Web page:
Former senator and military officer Gregorio Honasan, who is accused of involvement in February's failed coup against Philippine President Gloria Arroyo, has been arrested after evading police for much of the year. Honasan is one of the more colorful and controversial figures in Philippine politics and has a long history of involvement in coup plots going back to the ouster of dictator Ferdinand Marcos.

Authorities captured Honasan early Wednesday morning in a raid on a residence in the Manila suburb of Quezon City. Police say the former senator hurt his leg while trying to escape by jumping from a moving vehicle. He had been on the run for nine months and authorities had offered $100,000 for his capture.

Honasan, who also is a former army colonel, faces rebellion charges for his alleged roll in February's failed coup, as well as involvement in a 2003 mutiny by junior military officers demanding President Arroyo's resignation.

Popularly known as Gringo, Honasan is a colorful figure in Philippine politics and once called himself the resident adviser on failed coup attempts.

Justice Secretary Raul Gonzalez says Honasan began building a following when he led a group of military officers to stir up popular unrest against former President Ferdinand Marcos, who was ousted in 1986 by a people power revolt.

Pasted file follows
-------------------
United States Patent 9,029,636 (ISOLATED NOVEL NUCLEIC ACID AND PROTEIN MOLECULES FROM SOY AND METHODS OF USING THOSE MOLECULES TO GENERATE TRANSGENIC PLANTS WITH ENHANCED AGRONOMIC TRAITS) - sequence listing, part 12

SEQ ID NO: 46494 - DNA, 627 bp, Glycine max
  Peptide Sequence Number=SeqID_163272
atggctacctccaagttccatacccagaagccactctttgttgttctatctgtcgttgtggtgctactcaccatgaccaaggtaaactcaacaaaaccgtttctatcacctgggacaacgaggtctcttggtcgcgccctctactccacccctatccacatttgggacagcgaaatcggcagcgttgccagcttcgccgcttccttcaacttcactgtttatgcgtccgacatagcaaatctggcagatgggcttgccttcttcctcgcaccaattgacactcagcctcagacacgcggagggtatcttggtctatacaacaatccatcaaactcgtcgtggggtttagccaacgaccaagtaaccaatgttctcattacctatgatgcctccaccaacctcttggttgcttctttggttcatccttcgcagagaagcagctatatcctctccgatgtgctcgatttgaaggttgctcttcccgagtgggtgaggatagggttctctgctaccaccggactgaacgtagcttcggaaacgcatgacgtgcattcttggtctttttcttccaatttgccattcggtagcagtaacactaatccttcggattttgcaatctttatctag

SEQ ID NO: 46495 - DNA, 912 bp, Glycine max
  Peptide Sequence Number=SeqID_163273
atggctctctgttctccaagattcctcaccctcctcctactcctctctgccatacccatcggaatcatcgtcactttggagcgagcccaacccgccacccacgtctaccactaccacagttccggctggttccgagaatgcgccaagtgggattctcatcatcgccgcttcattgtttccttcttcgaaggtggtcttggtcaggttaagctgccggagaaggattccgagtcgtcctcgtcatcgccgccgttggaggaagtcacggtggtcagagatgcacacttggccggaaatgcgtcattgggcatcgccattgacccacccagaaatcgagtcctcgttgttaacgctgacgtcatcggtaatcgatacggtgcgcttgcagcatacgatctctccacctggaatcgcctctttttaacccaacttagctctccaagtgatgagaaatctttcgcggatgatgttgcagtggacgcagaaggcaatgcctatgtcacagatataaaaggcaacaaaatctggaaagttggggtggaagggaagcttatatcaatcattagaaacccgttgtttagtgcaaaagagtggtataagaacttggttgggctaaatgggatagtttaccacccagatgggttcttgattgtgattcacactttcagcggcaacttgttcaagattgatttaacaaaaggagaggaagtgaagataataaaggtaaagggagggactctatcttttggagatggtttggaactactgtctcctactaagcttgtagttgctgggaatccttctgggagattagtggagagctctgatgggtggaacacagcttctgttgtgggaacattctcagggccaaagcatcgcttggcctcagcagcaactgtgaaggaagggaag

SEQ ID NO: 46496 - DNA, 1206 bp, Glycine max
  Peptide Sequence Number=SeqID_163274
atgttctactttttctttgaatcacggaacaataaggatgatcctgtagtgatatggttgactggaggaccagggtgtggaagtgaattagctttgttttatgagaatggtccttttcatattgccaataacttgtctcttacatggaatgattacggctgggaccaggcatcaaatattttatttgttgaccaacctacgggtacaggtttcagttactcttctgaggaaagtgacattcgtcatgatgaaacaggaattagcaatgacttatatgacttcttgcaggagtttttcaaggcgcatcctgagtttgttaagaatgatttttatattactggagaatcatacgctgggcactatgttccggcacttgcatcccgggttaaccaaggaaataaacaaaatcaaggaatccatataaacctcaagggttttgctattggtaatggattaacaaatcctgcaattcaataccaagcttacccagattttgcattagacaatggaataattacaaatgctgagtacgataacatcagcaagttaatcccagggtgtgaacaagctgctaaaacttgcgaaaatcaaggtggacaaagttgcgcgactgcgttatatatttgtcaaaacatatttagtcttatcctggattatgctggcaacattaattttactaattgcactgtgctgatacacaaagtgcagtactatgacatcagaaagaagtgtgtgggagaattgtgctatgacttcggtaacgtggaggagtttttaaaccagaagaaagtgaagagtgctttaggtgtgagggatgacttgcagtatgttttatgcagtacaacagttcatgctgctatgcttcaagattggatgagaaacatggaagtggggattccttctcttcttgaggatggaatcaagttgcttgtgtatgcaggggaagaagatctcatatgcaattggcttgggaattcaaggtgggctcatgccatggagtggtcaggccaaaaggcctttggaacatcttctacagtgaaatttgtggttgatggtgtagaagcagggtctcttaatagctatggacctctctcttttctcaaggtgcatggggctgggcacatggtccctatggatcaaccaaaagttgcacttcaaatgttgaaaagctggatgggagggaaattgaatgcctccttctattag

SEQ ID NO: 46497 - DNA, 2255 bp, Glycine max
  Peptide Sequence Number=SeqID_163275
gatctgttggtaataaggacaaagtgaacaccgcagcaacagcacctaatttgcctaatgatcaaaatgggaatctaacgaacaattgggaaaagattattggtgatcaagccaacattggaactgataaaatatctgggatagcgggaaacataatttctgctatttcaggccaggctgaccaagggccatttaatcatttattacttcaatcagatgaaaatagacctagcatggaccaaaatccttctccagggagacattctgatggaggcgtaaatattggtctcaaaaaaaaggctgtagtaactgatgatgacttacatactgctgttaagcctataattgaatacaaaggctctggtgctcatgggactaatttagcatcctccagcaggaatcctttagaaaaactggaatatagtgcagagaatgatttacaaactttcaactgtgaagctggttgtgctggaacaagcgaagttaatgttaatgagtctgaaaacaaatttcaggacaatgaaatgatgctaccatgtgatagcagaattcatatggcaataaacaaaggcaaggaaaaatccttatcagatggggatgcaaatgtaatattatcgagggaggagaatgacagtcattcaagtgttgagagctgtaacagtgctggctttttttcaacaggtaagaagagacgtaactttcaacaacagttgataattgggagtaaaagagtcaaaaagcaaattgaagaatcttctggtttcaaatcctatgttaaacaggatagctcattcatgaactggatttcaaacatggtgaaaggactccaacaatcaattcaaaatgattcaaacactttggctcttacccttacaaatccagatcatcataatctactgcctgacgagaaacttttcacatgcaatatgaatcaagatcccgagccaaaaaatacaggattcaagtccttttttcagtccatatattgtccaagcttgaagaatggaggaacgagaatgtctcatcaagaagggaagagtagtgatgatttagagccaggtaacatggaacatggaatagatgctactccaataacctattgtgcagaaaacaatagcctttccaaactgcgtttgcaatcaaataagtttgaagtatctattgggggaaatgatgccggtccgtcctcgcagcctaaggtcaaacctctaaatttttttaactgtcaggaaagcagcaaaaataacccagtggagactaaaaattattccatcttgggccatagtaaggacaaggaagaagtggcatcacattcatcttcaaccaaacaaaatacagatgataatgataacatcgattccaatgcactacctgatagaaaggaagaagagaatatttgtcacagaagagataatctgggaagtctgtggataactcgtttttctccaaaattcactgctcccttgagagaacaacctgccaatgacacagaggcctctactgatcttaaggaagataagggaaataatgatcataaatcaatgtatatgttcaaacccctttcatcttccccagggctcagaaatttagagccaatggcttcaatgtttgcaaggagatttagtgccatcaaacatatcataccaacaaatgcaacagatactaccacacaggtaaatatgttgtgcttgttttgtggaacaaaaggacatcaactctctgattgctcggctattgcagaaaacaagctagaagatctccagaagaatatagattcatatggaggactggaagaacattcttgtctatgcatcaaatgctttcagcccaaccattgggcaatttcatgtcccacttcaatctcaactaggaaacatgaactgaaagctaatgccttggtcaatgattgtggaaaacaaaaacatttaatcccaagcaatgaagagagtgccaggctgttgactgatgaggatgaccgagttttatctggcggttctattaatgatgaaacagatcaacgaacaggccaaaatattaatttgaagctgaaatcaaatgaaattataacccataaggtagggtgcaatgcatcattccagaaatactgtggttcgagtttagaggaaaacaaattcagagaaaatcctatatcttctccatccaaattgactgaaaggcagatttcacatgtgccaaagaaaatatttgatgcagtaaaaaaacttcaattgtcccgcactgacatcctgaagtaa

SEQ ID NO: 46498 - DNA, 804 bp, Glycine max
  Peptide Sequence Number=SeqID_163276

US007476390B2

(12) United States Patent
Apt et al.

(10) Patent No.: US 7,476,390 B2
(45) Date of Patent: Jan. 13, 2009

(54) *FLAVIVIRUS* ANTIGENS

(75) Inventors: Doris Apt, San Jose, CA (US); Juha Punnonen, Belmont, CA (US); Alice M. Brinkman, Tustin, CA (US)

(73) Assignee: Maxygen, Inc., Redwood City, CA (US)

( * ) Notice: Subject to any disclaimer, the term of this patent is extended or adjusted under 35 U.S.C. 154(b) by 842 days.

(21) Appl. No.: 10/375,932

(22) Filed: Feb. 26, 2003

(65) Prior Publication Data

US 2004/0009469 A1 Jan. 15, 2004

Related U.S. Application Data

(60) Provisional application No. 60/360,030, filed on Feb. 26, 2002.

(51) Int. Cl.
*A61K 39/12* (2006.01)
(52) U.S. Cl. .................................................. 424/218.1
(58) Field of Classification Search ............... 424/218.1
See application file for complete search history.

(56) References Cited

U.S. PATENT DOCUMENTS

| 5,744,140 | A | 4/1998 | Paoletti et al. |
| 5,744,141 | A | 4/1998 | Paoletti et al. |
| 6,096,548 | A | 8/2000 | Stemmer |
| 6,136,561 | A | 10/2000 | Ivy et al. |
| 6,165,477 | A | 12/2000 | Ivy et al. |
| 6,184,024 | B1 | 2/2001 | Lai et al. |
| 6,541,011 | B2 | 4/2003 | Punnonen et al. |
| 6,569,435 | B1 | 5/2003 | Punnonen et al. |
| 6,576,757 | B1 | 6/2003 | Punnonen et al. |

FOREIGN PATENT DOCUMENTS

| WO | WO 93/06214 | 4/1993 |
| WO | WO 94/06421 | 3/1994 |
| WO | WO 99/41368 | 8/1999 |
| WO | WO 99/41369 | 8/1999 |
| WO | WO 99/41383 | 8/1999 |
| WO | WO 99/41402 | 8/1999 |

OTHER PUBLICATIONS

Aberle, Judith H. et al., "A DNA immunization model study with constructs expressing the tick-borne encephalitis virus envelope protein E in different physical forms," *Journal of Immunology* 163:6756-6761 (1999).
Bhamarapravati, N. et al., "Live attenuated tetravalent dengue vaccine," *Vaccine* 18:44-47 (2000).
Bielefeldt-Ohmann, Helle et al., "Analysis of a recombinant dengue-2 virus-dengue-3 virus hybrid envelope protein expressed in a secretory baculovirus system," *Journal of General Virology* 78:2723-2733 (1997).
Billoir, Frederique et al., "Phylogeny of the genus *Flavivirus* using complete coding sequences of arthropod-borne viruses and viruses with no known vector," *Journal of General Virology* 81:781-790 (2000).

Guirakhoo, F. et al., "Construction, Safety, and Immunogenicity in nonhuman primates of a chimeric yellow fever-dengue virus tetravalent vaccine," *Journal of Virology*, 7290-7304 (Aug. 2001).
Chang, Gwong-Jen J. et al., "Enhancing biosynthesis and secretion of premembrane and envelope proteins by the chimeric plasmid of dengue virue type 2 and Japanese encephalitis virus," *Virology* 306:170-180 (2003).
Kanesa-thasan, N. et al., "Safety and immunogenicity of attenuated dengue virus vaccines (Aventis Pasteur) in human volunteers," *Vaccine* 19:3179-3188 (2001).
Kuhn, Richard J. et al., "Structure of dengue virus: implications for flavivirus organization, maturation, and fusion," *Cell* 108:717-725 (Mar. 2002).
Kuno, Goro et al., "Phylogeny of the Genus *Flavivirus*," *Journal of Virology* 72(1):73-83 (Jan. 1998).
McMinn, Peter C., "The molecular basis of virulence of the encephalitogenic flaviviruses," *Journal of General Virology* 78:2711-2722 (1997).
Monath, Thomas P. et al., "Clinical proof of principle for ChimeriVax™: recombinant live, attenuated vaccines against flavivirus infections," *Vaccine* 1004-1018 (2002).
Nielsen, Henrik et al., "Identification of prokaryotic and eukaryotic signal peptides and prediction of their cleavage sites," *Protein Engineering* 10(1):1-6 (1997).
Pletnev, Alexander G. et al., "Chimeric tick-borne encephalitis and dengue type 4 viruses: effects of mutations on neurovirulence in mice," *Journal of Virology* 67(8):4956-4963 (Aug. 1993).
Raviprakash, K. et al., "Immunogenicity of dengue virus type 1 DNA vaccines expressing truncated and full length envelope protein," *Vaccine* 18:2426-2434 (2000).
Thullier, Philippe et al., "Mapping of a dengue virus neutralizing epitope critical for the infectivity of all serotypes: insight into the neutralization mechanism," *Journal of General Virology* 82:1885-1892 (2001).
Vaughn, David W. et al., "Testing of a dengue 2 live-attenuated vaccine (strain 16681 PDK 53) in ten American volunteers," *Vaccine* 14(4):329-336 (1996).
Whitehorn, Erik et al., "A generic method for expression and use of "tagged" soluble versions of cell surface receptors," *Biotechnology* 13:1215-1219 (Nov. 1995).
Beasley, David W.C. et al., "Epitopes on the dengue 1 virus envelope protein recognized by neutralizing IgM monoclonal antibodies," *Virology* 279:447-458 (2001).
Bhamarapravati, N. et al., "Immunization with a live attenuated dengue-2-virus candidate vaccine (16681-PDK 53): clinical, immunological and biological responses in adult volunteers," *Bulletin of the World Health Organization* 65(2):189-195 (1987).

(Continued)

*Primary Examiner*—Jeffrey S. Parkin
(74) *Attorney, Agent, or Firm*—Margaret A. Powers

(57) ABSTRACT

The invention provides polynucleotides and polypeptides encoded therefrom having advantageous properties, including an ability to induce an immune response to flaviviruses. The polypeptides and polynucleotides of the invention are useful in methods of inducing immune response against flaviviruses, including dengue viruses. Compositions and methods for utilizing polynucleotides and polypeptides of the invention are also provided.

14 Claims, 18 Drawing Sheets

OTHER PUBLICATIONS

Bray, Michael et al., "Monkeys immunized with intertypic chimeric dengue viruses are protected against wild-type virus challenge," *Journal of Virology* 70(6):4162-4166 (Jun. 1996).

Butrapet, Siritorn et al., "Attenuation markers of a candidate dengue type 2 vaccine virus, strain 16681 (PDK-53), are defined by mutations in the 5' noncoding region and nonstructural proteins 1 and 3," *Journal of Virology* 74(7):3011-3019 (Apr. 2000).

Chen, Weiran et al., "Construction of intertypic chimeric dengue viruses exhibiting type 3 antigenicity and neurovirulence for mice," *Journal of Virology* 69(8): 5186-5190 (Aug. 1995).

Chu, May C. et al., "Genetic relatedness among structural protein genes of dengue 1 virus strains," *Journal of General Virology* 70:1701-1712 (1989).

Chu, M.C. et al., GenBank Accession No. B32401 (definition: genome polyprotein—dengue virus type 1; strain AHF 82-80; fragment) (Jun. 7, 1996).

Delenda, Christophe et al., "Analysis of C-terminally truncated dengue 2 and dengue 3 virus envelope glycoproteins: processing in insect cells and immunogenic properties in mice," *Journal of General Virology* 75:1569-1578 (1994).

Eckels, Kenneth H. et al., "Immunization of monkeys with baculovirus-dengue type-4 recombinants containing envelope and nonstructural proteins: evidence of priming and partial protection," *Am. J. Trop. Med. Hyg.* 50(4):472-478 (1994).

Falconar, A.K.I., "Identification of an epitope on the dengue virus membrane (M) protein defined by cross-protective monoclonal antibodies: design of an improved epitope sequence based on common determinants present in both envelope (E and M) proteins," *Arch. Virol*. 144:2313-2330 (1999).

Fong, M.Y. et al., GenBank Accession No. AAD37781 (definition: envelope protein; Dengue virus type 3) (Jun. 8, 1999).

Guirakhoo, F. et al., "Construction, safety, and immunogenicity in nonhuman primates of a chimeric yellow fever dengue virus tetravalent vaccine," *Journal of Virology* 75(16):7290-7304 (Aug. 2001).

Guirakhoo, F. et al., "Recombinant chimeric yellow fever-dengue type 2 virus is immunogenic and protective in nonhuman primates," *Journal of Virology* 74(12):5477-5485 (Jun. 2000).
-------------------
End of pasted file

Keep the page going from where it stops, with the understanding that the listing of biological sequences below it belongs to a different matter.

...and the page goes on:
"He became a mythical soldier. He gave the aura of some sort of a swashbuckling, invincible soldier. So he has gathered sympathizers, people with kindred spirits, enamored by his exploits ? popular to the public," Gonzalez said.

Later, Honasan led several coup attempts against President Corazon Aquino, including one in which he used a captured plane to bomb the presidential palace. President Aquino asked the American military for help and Honasan's backers did not retreat until U.S. warplanes flew over the city.

The former senator could receive a life sentence if convicted of the charges against him. Justice Secretary Gonzalez says his arrest will discourage others who might want to destabilize the government.

President Arroyo survived the alleged coup attempt in February and has defeated two impeachment bids. The opposition accuses her of corruption and cheating in the 2004 elections, allegations she denies.

Gonzalez says individuals representing Honasan had attempted to negotiate his surrender over the past several months, but says the efforts were not sincere and were just attempts to buy time.